There's more to it than grammar

Subject: There's more to it than grammar
From: John Wilson <jwilson -at- AMADEUS -dot- NET>
Date: Wed, 10 Mar 1999 17:25:28 +0100

I think a number of misconceptions about our business are widespread in our

1. Grammar. As already pointed out on this list, grammar is not an add-on,
or a set of arbitrary rules. Some usage is arbitrary, but grammar is a
method of ensuring that discourse is coherent. Grammar is to a large extent
hard-wired in our brains. Stephen Pinker ("The Language Instinct") and
others have written books on this topic. Yes, some usages (like its and
it's) are unpredictable and we just have to learn them.

2. Style Guides. Style guides often attempt to ensure a number of things
which in my view are quite distinct from each other:
(a) that company documents all look similar, to reassure the reader
(b) that the terminology used is relatively consistent so the reader
doesn't have to guess when window=screen=box, for example
(c) that the non-technical words used are understandable by the reader
("that is" instead of "i.e." for example)

But there is a lot more to it than style. A style guide will not instruct
writers in general word use, or in the analysis of a problem.

3. Technical writers themselves (and many books which are allegedly about
technical communication) spend time discussing grammar, style and usage
rather than analysis, logical sequence of information and other vital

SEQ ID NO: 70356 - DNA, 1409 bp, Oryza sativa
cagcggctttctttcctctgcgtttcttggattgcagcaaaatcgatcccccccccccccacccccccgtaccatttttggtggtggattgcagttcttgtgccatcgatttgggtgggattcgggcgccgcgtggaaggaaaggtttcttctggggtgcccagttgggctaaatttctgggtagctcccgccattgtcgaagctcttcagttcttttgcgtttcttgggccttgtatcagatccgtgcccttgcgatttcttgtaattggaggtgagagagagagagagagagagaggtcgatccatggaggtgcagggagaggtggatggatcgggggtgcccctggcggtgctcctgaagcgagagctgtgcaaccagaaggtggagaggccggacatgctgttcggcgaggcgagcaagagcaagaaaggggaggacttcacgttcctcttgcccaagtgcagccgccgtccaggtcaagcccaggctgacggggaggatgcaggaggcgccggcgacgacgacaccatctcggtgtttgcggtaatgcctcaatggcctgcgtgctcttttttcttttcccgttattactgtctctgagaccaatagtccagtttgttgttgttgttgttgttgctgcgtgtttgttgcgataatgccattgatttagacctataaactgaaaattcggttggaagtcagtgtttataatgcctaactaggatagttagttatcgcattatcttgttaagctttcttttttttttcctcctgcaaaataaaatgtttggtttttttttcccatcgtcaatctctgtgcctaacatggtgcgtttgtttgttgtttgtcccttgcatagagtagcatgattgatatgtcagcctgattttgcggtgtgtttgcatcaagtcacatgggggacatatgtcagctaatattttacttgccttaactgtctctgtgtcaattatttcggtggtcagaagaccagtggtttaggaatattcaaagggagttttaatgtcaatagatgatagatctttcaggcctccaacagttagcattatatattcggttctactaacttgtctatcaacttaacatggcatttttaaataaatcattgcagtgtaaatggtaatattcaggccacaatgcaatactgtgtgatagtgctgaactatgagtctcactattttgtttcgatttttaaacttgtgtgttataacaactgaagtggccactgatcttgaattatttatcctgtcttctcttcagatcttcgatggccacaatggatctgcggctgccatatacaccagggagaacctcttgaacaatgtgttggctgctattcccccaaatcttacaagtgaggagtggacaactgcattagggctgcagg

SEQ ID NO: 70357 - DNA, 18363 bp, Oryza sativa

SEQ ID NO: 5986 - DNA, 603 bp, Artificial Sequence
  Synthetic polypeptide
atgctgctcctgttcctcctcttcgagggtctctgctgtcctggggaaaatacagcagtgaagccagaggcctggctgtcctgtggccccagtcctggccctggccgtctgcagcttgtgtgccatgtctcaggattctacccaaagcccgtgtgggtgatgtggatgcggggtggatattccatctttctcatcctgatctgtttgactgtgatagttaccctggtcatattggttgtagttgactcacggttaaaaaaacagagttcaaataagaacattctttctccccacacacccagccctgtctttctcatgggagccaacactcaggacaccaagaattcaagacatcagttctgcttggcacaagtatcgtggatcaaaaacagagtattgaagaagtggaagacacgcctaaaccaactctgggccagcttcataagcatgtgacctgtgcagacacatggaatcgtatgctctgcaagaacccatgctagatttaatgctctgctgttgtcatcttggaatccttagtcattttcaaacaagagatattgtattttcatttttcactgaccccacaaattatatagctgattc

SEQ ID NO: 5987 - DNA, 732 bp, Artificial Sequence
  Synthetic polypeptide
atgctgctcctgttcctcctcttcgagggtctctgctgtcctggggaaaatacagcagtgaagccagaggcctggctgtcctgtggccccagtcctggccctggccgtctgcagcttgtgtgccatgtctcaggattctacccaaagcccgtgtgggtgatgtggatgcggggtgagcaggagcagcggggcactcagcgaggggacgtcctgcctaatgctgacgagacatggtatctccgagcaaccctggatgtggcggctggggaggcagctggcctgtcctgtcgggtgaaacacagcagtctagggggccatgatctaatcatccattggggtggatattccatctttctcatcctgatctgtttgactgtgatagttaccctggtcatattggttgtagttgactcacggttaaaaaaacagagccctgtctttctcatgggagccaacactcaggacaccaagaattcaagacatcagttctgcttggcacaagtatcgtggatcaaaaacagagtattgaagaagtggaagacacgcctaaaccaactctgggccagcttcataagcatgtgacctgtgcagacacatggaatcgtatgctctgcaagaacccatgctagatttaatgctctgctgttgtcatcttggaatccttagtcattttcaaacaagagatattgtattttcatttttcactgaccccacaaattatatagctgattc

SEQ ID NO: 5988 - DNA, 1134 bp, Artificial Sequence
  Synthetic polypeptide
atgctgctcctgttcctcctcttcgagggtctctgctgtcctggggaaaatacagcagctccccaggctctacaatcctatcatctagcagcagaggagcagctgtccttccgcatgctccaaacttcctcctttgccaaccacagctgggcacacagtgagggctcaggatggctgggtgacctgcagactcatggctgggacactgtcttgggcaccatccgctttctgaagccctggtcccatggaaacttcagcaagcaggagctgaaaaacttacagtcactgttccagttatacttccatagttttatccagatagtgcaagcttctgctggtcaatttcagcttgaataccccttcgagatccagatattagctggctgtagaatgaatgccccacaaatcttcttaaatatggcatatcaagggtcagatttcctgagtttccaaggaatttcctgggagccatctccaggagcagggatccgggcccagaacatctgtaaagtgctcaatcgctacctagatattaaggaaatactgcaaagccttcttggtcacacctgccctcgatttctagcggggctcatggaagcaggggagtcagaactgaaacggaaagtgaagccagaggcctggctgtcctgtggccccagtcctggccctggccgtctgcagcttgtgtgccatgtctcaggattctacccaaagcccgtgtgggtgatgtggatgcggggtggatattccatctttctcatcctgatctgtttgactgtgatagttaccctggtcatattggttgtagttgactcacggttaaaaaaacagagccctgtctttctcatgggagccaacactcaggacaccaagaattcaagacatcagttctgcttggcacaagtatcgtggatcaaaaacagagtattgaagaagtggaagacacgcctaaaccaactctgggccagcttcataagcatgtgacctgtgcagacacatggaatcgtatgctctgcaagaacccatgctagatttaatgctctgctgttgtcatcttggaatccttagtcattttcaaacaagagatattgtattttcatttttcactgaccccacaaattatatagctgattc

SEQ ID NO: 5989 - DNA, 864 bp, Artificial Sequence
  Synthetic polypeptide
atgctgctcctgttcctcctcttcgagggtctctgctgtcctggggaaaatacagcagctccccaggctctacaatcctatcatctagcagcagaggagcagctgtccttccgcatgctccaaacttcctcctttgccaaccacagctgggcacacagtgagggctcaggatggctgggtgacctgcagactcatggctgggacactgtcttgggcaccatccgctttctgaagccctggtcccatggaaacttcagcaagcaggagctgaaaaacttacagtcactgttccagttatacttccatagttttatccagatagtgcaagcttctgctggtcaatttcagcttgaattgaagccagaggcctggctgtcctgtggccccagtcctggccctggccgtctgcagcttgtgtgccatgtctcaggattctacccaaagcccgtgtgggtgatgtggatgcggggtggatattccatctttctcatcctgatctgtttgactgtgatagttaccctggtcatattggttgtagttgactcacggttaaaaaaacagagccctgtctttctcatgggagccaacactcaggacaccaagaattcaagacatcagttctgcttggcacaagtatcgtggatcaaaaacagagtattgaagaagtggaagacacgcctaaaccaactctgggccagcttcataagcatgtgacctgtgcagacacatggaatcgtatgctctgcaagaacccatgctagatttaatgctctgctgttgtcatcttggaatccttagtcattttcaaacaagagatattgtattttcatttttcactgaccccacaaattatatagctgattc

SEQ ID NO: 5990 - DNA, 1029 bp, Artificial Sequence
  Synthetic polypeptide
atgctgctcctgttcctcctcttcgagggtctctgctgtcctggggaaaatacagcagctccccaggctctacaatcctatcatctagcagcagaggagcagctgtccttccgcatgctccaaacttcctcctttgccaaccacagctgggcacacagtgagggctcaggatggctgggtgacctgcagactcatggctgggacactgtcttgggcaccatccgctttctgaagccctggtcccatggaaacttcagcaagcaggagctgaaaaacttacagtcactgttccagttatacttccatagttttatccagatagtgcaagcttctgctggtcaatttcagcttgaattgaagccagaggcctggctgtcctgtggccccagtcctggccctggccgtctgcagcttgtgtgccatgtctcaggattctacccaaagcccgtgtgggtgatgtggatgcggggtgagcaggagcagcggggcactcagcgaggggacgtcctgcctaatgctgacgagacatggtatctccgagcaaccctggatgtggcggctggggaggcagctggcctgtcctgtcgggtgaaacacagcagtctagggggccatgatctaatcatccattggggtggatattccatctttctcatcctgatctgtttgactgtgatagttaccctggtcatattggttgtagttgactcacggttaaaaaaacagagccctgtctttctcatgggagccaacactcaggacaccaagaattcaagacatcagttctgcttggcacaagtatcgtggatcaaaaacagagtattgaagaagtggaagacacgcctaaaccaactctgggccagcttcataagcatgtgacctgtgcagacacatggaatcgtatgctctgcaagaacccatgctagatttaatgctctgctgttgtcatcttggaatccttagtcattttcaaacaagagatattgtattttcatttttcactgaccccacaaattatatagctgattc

elements. I think this is because it takes a lot less thought and effort to
spot grammatical errors on a page than it does to check for usability
errors in a product, or structural errors in a manual. (Just as employers
use lists of software tools, rather than writing ability, to select writers
- it's easier.)

4. Grammar and style are necessary but (as already pointed out on the list)
a long way from being sufficient for producing good manuals. What else is
required? This is the question which a few people have asked (what do
technical writers do?) but which almost nobody has tried to answer.

In my view, our lack of clarity on this question is a large part of the
reason for the low status that many writers complain of. "Perception is all
there is" - whatever you may actually be doing, if all you draw attention
to is grammar, engineers and managers will perceive you as a grammar
checker. However if you ask questions about what the product is for, what
the user's expertise and motivations are and so on, you might be perceived
as something more. But this indispensable part of a technical writing or
communication project - analysis and specification like in any other
engineering work - gets little attention in this list.

So to start the discussion (I hope), here is the beginning of a definition.
A technical writer does not just write manuals. The job title is
established by usage and should not be taken literally. A technical writer
in this day and age must be someone who tries to make a product usable.
Manuals may or may not be a means of doing this. How does the writer go
about making the product usable? What service are you offering? What do
technical writers do?



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